Originally Posted by msaar View Post
The Kew Checklist recognizes G. patinii as a valid species, and G. deckeri as a synonym of G. skinneri.
Quote:
Originally Posted by DavidCampen View Post
Cattleya deckeri is now considered to be a synonym for Guarianthe skinneri. C. deckeri is _not_ a synonym for Guarianthe patinii.
Ah, so OW and Tucker were both correct! This is good to know! It seems that it was actually my knowledge database that needed to be updated.

Quote:
Originally Posted by DavidCampen View Post
So, back to the orginal question, Guarianthe skinneri and Gur. patinii are currently recognized as separate species. How does one differentiate between them?
I think its still just the timing difference of the blooms.
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  #9  
Unread 02-01-2013, 02:24 PM
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I found this on Google. I think Isurus 79 is absolutely right about the main difference being the blooming season.


Guarianthe patinii
Common Name Patin's Cattleya [French Orchid Collector 1800's]

Found in Costa Rica, Panama, Colombia, Venezuela and Trinidada and Tobago in humid forests at elevations of 30 to 800 meters as a caespitose, small sized, hot to warm growing epiphyte with fusiform, furrowed, bifoliate pseudobulbs with elliptic to oblong, fleshy leaves which blooms on a terminal, 3' [7.5 cm] long, erect, few to several [4 to 8] flowered, racemose inflorescence arising on a newly matured psedobulb, subtended by a basal sheath occuring in the fall. The major difference in this species versus Cattleya skinneri is that skinnerii blooms in the spring and has a white tubular base to the lip.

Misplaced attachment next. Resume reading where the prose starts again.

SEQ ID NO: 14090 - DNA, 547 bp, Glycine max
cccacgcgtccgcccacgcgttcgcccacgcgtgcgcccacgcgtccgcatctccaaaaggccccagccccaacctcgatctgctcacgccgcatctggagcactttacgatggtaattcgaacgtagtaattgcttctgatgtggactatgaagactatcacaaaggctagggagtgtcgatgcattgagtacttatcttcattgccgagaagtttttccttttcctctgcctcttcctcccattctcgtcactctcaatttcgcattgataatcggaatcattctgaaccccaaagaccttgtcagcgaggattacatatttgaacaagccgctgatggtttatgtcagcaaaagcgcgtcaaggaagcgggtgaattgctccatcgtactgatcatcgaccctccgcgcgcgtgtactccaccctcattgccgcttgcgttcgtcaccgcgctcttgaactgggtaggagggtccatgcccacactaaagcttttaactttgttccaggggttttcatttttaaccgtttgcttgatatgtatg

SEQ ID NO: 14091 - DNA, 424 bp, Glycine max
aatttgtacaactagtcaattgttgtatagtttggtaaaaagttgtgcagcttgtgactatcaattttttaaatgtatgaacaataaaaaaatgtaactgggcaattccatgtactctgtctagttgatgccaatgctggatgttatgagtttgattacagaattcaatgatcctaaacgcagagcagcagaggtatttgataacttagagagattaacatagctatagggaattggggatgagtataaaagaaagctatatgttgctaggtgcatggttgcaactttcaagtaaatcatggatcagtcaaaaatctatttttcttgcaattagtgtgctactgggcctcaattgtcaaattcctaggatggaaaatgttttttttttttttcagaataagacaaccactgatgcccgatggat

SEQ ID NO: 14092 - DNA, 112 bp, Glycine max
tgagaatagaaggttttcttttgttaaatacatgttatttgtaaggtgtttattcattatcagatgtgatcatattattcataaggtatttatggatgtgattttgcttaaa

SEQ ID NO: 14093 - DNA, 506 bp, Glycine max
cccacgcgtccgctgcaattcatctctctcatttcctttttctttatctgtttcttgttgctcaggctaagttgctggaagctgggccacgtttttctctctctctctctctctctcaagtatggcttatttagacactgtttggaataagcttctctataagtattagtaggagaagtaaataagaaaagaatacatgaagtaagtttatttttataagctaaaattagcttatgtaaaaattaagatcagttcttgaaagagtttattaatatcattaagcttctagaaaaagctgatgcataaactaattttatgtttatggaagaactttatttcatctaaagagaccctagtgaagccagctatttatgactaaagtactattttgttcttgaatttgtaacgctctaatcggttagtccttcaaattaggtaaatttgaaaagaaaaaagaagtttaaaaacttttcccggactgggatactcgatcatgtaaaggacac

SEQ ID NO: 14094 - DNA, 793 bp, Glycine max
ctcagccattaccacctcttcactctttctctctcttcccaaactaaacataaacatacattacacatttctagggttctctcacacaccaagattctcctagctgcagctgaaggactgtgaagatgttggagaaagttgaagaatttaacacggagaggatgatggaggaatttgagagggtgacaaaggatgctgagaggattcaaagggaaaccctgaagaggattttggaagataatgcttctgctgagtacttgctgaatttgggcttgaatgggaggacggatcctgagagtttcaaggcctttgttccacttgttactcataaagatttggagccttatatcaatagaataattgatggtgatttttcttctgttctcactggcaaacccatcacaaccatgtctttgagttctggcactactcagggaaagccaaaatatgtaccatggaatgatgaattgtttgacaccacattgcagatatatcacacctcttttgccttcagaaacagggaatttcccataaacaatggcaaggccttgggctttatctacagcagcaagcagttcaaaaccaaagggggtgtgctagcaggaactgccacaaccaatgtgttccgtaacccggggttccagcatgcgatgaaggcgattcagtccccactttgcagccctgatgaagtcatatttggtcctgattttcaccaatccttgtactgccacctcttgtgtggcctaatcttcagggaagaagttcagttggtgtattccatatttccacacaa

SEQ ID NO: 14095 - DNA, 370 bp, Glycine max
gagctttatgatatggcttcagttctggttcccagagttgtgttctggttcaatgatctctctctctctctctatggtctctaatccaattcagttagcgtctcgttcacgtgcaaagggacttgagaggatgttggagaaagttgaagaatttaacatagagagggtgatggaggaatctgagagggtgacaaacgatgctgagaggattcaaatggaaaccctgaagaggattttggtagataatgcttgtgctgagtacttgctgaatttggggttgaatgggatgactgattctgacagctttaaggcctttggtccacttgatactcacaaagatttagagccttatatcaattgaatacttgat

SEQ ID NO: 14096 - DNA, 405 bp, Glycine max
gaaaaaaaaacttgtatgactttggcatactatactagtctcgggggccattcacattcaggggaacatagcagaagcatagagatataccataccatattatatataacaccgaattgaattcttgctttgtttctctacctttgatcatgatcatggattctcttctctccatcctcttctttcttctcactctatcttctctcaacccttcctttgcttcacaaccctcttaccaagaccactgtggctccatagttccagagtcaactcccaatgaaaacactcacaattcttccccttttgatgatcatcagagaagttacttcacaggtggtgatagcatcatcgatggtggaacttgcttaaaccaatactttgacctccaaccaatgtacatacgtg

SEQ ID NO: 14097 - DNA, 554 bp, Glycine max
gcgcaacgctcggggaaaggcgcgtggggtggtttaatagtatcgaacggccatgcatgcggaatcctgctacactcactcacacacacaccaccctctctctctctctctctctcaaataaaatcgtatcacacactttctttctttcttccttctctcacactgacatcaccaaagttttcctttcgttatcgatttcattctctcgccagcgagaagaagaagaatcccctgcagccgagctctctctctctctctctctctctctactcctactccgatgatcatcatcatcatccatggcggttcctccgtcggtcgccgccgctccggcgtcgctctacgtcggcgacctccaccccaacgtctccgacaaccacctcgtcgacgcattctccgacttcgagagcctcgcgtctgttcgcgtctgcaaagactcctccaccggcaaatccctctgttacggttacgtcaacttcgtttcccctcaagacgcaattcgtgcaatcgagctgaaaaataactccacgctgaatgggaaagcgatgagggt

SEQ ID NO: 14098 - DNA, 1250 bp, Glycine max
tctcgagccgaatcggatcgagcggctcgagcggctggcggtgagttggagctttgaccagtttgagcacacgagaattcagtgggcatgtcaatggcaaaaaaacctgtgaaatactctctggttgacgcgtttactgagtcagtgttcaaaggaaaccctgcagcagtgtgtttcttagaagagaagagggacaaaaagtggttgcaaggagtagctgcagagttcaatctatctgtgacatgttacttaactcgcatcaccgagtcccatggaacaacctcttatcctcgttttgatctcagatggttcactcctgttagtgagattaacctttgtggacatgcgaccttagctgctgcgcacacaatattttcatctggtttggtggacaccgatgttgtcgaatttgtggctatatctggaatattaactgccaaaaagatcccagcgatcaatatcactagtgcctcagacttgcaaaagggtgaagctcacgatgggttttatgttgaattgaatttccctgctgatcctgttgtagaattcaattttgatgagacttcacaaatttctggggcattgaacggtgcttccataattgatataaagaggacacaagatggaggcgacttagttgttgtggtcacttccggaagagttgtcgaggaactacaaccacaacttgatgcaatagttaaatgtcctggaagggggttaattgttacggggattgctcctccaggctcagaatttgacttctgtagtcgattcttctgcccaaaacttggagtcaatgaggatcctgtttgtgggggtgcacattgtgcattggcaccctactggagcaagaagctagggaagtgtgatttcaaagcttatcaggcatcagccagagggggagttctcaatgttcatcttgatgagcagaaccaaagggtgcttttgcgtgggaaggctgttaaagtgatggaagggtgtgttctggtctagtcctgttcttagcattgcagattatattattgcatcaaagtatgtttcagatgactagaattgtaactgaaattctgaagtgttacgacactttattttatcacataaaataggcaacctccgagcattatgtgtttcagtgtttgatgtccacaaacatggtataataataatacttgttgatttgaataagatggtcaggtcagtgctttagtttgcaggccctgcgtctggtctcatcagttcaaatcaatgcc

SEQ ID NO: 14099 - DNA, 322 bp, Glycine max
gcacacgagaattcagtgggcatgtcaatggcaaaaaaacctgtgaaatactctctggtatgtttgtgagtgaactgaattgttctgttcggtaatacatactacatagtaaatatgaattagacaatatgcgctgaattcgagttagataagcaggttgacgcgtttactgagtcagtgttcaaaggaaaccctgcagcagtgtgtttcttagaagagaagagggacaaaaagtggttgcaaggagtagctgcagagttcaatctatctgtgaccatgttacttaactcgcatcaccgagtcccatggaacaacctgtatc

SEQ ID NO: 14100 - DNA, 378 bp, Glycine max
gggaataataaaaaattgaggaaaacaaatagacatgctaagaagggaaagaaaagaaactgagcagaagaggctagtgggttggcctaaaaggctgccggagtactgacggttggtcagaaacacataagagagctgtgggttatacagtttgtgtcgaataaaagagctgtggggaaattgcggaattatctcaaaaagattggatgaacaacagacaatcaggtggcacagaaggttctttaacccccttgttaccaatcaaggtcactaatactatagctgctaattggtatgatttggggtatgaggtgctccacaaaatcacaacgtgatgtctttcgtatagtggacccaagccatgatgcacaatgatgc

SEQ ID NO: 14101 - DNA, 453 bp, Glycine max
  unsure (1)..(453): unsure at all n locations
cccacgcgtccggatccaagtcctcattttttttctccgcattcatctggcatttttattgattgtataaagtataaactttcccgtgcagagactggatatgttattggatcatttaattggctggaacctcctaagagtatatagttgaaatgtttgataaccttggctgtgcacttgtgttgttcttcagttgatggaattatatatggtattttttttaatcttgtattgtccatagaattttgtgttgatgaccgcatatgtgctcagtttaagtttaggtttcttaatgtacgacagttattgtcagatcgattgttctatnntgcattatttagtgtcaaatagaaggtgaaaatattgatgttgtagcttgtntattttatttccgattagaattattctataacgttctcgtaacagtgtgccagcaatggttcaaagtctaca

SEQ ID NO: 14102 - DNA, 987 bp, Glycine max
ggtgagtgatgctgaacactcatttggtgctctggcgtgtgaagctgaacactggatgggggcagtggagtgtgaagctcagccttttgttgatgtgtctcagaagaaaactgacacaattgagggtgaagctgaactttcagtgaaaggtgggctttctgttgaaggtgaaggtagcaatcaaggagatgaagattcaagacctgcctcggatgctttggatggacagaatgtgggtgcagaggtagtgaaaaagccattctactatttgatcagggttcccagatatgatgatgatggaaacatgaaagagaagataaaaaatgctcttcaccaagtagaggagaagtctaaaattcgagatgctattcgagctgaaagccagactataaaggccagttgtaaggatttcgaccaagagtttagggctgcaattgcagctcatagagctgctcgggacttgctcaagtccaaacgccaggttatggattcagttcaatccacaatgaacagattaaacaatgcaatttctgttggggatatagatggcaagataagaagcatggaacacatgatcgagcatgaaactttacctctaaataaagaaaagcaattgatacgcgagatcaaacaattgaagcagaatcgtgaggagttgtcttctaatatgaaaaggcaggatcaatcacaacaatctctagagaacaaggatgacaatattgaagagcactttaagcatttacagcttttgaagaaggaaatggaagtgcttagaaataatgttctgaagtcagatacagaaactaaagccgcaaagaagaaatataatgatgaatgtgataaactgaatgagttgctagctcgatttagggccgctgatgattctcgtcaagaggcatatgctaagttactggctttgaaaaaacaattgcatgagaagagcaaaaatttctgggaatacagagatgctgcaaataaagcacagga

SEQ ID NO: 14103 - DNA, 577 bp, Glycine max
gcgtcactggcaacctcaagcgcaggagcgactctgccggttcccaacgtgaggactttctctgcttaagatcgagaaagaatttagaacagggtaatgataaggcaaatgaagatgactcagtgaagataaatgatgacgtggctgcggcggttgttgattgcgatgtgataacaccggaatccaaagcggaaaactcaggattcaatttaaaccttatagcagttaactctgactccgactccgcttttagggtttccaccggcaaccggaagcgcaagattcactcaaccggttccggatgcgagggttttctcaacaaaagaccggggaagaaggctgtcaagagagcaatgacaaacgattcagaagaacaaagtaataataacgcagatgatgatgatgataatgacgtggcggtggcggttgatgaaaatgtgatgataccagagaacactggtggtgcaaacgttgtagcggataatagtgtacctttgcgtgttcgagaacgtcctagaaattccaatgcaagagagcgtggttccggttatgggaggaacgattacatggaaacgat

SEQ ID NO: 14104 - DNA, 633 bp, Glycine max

Synonyms Cattleya skinneri var autumnalis Allen 1942; Cattleya skinneri var patinii 1914; Guarianthe patinii (Cogn.) Dressler & W.E. Higgins 2003
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Last edited by tucker85; 02-01-2013 at 02:54 PM..
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Unread 02-01-2013, 02:49 PM
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Besides differences in the flowering seasons apparantly many if not the majority of the C. patinis collected in the wild have only few flowers, that do not open well and self-pollinate themselves, which makes the flowers wither quickly. For this they are considered less attractive and are seldom collected. But apparently C. patini is widely distributed. And I had the honour to present a better clone (not mine) with some 15 flowers to our local group in december.